An International Guide to
Patent Case Management for Judges

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7.3.4 Supreme Court

Under the Constitution of Japan, the Supreme Court is the highest court in Japan, and judicial power is vested in it and in such lower courts as are established by law.134 In the context of IP law, the Supreme Court’s role is to correct or modify the interpretation of IP laws of the IP High Court. In the past, the Supreme Court has delivered a limited number of judgments that have reversed decisions of the IP High Court.

The most recent decision of the Supreme Court that reversed an IP High Court decision was handed down in August 2019. In that case, the Supreme Court ruled in favor of the patentee, finding that the claimed invention satisfied the inventive step requirement as the invention could not be easily conceived by a person having ordinary skill in the art.135 Jurisdiction

A party that is dissatisfied with the IP High Court’s decision may file a final appeal or a petition for the acceptance of a final appeal to the Supreme Court within two weeks from the date when an authenticated copy of the written decision is served.136 If the party is located in a foreign country, 30 days is generally designated as an additional period.137

The Supreme Court may accept a final appeal against a judgment issued by the IP High Court:

  • as the court of first instance with respect to an administrative suit against a decision made by the TAD of the JPO; and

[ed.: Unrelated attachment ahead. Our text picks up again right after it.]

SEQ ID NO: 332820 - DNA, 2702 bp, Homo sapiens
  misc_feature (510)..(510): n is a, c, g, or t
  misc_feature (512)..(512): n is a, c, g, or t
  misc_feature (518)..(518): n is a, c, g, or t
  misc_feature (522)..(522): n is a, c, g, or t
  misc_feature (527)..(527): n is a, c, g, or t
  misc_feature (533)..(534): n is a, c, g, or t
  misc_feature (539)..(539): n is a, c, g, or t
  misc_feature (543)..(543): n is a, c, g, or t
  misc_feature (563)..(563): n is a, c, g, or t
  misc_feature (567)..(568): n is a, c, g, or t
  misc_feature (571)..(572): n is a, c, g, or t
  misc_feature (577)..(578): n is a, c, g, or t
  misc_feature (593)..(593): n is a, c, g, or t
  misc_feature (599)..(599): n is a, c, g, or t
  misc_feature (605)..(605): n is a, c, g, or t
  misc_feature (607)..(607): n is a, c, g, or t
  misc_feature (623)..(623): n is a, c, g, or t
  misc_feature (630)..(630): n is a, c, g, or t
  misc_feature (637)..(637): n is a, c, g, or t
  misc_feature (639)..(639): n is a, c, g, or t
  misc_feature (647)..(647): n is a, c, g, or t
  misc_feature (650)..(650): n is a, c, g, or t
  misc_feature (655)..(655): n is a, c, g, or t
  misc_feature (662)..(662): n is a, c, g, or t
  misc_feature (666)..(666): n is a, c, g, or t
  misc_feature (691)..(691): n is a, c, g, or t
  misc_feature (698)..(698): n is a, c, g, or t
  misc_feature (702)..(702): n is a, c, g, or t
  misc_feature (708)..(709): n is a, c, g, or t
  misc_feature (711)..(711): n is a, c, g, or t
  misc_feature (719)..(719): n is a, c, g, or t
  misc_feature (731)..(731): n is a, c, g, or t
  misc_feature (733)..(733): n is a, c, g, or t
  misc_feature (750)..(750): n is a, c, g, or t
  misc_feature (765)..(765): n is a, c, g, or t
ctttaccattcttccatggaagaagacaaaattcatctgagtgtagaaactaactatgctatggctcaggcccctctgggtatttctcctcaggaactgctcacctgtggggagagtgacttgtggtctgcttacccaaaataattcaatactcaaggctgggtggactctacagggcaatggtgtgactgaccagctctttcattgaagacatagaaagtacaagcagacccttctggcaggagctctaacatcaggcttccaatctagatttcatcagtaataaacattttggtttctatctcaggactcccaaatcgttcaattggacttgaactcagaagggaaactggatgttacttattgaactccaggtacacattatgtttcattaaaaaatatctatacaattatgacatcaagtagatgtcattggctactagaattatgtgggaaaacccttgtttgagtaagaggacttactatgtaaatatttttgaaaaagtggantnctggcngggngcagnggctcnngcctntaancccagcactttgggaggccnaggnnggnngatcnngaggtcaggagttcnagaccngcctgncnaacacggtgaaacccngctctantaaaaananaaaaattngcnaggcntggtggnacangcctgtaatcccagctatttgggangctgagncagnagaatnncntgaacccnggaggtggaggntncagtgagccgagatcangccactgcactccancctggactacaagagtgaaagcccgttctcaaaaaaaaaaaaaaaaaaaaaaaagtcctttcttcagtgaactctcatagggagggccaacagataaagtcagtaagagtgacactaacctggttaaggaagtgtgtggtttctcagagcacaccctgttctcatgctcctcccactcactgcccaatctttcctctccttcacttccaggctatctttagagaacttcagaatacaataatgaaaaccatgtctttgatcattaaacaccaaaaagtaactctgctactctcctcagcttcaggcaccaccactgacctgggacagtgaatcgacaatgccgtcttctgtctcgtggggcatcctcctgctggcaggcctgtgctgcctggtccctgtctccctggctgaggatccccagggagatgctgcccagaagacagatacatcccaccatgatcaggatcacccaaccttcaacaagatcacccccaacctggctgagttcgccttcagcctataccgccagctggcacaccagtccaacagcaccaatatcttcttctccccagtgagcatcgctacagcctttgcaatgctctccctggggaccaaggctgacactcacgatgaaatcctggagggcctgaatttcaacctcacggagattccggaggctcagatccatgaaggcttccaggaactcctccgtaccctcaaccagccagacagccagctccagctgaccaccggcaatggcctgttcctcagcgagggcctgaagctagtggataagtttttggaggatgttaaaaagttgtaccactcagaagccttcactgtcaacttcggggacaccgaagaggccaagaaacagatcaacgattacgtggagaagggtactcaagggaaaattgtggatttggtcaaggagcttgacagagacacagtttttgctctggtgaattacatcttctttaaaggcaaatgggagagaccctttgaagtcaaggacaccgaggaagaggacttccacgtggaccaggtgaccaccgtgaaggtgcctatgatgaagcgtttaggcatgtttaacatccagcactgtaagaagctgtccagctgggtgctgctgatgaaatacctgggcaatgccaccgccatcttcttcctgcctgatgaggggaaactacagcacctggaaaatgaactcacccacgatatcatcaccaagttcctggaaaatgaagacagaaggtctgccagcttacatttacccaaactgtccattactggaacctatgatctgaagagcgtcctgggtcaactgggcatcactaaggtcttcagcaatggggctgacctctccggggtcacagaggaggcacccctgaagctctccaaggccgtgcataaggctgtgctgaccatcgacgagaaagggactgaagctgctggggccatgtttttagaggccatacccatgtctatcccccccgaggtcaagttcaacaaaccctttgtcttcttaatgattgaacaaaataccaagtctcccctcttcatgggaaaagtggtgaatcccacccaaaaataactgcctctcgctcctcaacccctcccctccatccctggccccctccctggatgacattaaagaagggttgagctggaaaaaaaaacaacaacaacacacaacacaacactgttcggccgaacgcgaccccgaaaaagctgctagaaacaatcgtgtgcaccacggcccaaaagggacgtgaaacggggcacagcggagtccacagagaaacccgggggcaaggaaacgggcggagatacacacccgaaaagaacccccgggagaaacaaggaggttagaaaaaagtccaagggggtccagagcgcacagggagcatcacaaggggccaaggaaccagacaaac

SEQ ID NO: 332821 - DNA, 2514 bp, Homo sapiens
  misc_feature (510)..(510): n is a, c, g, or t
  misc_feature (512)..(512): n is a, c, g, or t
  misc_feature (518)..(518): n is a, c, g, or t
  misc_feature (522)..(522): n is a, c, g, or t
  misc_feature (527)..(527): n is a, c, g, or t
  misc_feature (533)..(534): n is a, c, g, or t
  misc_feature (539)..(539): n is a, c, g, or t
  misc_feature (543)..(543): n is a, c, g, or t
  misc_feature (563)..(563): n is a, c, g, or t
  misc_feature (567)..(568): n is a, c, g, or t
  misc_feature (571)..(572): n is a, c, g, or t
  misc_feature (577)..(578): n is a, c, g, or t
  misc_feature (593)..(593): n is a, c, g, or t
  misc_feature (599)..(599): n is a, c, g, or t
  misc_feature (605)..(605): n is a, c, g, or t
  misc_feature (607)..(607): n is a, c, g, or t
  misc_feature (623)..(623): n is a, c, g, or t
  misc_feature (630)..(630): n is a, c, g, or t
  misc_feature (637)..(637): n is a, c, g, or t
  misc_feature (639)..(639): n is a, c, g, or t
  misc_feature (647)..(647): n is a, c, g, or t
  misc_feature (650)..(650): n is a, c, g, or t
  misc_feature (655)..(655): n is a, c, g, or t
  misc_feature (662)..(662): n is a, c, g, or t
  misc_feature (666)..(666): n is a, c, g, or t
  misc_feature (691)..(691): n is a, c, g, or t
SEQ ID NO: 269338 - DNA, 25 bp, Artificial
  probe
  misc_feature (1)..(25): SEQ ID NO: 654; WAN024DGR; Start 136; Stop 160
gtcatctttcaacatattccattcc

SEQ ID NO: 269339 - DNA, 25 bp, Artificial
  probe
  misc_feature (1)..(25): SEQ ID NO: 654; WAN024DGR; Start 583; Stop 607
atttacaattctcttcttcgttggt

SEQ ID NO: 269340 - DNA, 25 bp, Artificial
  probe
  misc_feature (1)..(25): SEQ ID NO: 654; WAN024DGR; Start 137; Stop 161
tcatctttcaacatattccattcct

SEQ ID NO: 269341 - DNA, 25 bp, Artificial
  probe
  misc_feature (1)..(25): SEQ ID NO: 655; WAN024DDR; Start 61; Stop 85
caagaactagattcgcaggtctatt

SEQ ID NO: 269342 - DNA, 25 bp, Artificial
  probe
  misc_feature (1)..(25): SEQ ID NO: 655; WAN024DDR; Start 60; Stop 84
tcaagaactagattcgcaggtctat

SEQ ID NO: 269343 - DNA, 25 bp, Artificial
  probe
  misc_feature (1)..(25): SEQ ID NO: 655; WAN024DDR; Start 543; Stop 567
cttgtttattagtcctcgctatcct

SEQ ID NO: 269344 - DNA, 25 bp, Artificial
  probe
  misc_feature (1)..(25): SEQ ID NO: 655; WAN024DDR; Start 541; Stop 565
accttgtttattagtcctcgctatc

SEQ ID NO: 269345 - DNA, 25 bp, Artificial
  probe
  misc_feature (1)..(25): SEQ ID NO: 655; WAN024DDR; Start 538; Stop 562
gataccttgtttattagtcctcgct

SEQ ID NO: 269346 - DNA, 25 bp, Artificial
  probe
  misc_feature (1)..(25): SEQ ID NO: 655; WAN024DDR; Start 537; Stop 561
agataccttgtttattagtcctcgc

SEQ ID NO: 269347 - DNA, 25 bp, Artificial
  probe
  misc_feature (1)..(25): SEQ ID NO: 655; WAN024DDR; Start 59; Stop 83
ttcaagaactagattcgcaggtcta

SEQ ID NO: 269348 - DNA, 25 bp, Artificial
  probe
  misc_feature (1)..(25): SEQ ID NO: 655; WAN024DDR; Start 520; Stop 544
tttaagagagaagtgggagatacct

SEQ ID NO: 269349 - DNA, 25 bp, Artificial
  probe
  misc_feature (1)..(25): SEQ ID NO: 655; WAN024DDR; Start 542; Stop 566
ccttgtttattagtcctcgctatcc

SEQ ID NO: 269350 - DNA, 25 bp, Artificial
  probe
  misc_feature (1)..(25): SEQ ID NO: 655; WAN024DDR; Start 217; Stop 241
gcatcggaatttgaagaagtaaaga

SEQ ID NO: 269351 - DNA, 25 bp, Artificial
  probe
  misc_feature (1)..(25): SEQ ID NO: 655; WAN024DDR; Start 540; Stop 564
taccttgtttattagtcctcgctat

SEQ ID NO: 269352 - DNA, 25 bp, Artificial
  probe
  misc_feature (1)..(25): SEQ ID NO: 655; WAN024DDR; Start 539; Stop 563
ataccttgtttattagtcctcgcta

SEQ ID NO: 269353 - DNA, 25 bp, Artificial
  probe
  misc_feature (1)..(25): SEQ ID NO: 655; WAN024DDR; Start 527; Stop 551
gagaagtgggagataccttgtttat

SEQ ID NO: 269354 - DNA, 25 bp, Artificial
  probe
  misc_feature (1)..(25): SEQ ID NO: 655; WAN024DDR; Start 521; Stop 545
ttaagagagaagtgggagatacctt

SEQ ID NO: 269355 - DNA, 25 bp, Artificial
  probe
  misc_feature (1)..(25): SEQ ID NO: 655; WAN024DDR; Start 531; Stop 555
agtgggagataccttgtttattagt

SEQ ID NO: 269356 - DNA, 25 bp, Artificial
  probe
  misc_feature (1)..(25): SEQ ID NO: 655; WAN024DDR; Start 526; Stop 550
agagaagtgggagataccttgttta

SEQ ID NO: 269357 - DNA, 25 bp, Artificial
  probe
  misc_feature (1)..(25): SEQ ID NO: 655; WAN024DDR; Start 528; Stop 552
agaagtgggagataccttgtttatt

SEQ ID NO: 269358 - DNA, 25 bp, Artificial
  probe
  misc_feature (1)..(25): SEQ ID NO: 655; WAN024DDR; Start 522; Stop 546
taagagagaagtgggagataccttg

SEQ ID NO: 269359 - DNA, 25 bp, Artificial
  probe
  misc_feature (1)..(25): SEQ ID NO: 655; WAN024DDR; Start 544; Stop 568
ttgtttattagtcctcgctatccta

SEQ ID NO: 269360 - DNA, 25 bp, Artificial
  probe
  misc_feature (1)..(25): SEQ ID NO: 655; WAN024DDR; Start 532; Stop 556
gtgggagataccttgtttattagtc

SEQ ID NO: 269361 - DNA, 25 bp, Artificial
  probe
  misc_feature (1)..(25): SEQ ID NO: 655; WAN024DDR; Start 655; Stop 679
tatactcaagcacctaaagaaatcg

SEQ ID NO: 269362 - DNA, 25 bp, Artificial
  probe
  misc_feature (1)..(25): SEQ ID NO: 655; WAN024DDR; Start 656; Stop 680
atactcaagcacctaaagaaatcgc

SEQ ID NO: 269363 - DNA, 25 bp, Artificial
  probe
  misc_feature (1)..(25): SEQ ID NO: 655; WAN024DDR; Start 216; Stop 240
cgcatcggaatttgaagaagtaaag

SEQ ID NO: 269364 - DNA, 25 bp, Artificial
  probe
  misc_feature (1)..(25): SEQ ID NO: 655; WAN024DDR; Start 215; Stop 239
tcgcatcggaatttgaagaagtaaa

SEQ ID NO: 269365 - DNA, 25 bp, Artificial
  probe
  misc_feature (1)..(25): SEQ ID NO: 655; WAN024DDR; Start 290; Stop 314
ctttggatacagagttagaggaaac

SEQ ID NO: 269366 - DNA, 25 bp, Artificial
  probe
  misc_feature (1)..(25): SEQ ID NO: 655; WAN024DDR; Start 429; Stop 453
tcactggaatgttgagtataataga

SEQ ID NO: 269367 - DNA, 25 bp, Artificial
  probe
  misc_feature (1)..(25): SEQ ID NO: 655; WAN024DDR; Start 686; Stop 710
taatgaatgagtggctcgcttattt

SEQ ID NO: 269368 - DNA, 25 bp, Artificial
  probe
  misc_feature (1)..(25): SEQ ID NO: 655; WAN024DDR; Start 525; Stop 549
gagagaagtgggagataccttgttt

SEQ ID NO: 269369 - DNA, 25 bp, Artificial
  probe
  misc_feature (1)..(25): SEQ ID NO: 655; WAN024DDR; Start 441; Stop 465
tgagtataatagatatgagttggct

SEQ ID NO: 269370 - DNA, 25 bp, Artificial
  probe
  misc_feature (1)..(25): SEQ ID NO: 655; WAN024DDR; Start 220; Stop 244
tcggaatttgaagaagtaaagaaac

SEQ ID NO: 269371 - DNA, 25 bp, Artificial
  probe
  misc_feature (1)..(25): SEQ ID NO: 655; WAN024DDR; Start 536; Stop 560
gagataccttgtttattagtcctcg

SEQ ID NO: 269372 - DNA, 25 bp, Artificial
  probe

• as the court of second instance with respect to a patent infringement suit.138

The grounds for final appeal to the Supreme Court are limited under the Code of Civil Procedure. Article 312 of the Code of Civil Procedure provides that a final appeal may be filed on a number of grounds, including on the grounds that:

  • a judgment reflects an error in the interpretation of the Constitution; and
  • a violation of law or regulations has clearly influenced the judgment.139

For example, the Supreme Court may accept a final appeal if a judgment of the IP High Court involves a ruling that conflicts with Supreme Court precedent (or, if there is no Supreme Court precedent, a ruling that conflicts with IP High Court precedent). If the Supreme Court determines that there are no grounds for a final appeal, it will dismiss the petition without a hearing. Conversely, if it determines that there are grounds for a final appeal, it will hear oral arguments and then deliver a decision.

The Supreme Court only decides questions of law, and so questions of fact of a prior instance decision may not be contested at the Supreme Court.140 The Supreme Court examines questions of law based only on the records of the lower courts concerned. Justices and other personnel

The Supreme Court is composed of a Chief Justice and 14 other Justices. It is divided into three petty benches. Most cases are adjudicated by one of the benches. Three Justices constitute a quorum for deciding a case within a petty bench. However, if a final appeal involves an issue of constitutional interpretation, the Grand Bench, composed of the Chief Justice and all 14 other Justices, adjudicates the case.

A number of elite career judges are assigned to assist the Justices of the Supreme Court as judicial research officials, including in IP-related cases.